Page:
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How to Prevent Cold Stress at Work, Inside or Outside

Cold stress isn't just a hazard for outdoor workers. What are the best ways to prevent cold stress injuries and illnesses and what is the best clothing to wear in cold environments?

Snowmen Dressed Like Construction Workers

Anyone working in a cold environment may be at risk for cold stress. This could include an indoor workplace like cold storage or an outdoor job in construction or agriculture. Prolonged exposure to cold and/or freezing temperatures while on the job may cause serious health problems such as trench foot, frostbite and hypothermia. In extreme cases, exposure to cold temperatures can lead to death.

Winter, Cold Warning Sign

Although OSHA does not have a specific standard that covers working in cold environments, under the Occupational Safety and Health Act (OSH Act) of 1970, employers have a duty to protect workers from recognized hazards, including cold stress hazards, that are causing or likely to cause death or serious physical harm in the workplace.

Risk factors for cold stress include:

  • Overexposure to cold temperatures
  • Increase wind speed, and the wind chill effect
  • Wet clothing and/or wet skin
  • Dressing improperly for the weather
  • Exhaustion
  • Health conditions such as high blood pressure, hypothyroidism, diabetes or asthma
  • Poor physical conditioning
  • Inadequate training on how to work safely in cold temperatures


  • Wear proper clothing for cold, wet and windy conditions
  • Take frequent, short breaks in warm, dry shelters
  • Schedule work for the warmest part of the day
  • Avoid exhaustion or fatigue
  • Keep extra clothing handy in case clothes get wet
  • Drink warm, sweet beverages and avoid drinks with caffeine or alcohol
  • Eat warm, high-calorie foods
  • Use the buddy-system - work in pairs so that one worker can recognize the danger signs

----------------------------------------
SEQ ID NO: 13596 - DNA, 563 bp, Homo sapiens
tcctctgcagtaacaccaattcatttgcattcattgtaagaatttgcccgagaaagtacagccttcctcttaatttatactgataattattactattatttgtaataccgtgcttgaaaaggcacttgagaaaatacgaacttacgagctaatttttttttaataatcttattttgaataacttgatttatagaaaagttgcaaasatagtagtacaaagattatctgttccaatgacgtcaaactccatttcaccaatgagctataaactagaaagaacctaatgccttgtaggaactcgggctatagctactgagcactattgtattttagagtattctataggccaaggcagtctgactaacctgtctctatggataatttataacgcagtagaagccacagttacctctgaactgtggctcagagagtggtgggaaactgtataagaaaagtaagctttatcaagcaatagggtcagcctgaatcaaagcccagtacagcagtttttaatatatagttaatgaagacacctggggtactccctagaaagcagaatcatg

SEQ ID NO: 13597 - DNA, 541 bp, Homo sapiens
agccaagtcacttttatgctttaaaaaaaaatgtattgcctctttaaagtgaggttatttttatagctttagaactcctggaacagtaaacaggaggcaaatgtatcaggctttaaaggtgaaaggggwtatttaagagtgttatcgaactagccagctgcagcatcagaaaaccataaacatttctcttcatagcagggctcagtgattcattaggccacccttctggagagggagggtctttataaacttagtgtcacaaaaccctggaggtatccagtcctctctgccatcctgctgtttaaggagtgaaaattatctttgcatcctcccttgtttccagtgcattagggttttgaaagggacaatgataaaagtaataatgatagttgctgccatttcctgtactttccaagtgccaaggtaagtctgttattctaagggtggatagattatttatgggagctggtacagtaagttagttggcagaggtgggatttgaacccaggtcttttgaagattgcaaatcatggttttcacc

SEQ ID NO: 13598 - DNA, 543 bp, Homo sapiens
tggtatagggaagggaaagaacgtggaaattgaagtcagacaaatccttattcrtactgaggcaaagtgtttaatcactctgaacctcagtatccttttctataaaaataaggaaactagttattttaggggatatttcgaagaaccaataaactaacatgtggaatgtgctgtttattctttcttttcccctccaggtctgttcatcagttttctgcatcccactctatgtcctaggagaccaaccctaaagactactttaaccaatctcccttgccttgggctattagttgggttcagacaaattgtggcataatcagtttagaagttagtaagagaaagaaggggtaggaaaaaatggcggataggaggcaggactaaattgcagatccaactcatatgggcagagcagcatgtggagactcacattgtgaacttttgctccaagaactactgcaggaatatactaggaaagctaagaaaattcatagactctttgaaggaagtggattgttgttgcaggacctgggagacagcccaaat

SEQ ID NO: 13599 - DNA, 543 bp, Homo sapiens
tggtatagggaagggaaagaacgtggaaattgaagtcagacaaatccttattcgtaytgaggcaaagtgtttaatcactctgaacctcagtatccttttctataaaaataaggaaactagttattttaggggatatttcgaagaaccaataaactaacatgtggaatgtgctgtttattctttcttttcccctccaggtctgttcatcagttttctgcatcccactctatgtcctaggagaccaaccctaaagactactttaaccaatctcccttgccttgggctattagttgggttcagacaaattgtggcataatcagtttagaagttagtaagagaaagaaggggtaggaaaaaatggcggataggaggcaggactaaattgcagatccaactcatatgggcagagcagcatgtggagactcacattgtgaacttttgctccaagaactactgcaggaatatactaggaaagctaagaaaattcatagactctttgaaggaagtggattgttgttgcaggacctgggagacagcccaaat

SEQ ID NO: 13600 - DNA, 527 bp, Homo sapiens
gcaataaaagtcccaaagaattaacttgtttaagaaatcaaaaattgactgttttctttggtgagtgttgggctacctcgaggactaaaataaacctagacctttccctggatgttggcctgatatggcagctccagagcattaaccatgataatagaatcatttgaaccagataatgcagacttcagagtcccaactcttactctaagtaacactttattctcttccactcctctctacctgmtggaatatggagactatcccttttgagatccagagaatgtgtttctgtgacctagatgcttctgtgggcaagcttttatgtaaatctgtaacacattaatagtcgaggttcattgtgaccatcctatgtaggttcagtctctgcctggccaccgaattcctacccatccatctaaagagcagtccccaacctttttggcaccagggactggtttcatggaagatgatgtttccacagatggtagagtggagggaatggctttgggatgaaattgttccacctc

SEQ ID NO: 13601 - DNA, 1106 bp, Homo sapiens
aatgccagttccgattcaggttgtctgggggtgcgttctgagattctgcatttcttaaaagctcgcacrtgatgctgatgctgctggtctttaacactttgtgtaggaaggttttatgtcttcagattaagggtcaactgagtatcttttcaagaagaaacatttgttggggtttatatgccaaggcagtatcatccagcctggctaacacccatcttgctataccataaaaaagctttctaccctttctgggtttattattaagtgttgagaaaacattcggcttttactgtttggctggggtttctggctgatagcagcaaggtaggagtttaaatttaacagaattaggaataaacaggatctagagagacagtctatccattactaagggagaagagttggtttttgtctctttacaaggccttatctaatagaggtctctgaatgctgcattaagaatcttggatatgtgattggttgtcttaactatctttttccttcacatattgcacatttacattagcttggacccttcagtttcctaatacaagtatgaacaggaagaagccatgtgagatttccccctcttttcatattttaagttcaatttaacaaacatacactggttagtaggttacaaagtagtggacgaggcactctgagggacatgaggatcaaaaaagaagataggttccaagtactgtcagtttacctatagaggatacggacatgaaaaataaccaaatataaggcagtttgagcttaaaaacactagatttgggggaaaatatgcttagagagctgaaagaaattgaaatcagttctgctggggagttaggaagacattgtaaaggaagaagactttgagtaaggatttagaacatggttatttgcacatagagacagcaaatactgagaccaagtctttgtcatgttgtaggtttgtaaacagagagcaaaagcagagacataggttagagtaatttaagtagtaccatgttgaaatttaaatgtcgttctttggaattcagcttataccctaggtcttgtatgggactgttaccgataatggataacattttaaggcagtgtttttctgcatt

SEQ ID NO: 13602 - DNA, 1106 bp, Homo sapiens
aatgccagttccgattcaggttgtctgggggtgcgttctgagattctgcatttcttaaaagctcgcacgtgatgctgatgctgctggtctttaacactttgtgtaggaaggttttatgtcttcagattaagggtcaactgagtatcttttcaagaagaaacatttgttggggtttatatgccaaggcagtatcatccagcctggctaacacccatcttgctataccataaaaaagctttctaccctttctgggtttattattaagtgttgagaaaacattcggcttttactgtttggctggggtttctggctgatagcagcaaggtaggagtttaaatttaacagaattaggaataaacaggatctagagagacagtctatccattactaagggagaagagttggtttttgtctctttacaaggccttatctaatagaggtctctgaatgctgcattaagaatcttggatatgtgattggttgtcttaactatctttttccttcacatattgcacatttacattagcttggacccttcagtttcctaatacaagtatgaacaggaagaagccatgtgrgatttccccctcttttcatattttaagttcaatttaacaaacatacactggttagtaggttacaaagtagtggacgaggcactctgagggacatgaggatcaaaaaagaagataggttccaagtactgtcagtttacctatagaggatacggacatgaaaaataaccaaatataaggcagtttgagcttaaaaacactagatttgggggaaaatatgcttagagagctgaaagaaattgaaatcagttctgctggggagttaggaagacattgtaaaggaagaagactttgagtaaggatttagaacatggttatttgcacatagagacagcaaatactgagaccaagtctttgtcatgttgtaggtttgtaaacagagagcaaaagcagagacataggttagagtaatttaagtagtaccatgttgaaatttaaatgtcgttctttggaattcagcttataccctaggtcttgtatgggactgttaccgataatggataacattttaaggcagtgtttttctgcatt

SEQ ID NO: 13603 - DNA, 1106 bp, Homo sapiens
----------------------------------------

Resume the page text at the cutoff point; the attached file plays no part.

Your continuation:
• Stay dry in the cold because moisture or dampness, even from sweating, can increase the rate of heat loss from the body

Dressing properly is extremely important to preventing cold stress. Wear at least three layers of loose fitting clothing. Layers provides better insulation.

  • An inner layer of thermal wear, wool, silk or synthetic (polypropylene) to keep moisture away from the body.
  • A middle layer of wool or synthetic to provide insulation even when wet.
  • An outer wind and rain protection layer that allows some ventilation to prevent overheating.

Tight clothing reduces blood circulation and warm blood needs to be circulated to the extremities.

Indoor Cold Environment

Other important clothing that can help prevent cold stress:

  • Insulated coat/jacket (water resistant if necessary)
  • Knit mask to cover face and mouth (if needed)
  • Hat that covers the ears. A hat will help keep the whole body warmer and reduce the amount of body heat that escapes from the head.
  • Insulated gloves (water resistant if necessary, to protect the hands
  • Insulated and waterproof boots to protect the feet

If employees are working in cold environments, indoors or outdoors, then they should have access to cold stress prevention safety training and it's also a great topic for a safety meeting.

MARCOM's Winter Safety Video Program reviews the hazards that winter can bring and discusses how to enjoy the season safely. The video covers topics like how to keep warm in the cold, driving safely in sloppy weather, having fun and staying outdoors, avoiding the hazards of holiday decorations, celebrating the season responsibly, and more.

The video training kit comes with a comprehensive leader's guide, a scheduling and attendance form, an employee quiz, a training certificate, and a training log. The video is available in English and Spanish and can be mailed to you on a DVD or USB drive. The video is also available to access immediately with the Video on Demand option. Click the button below to learn more.


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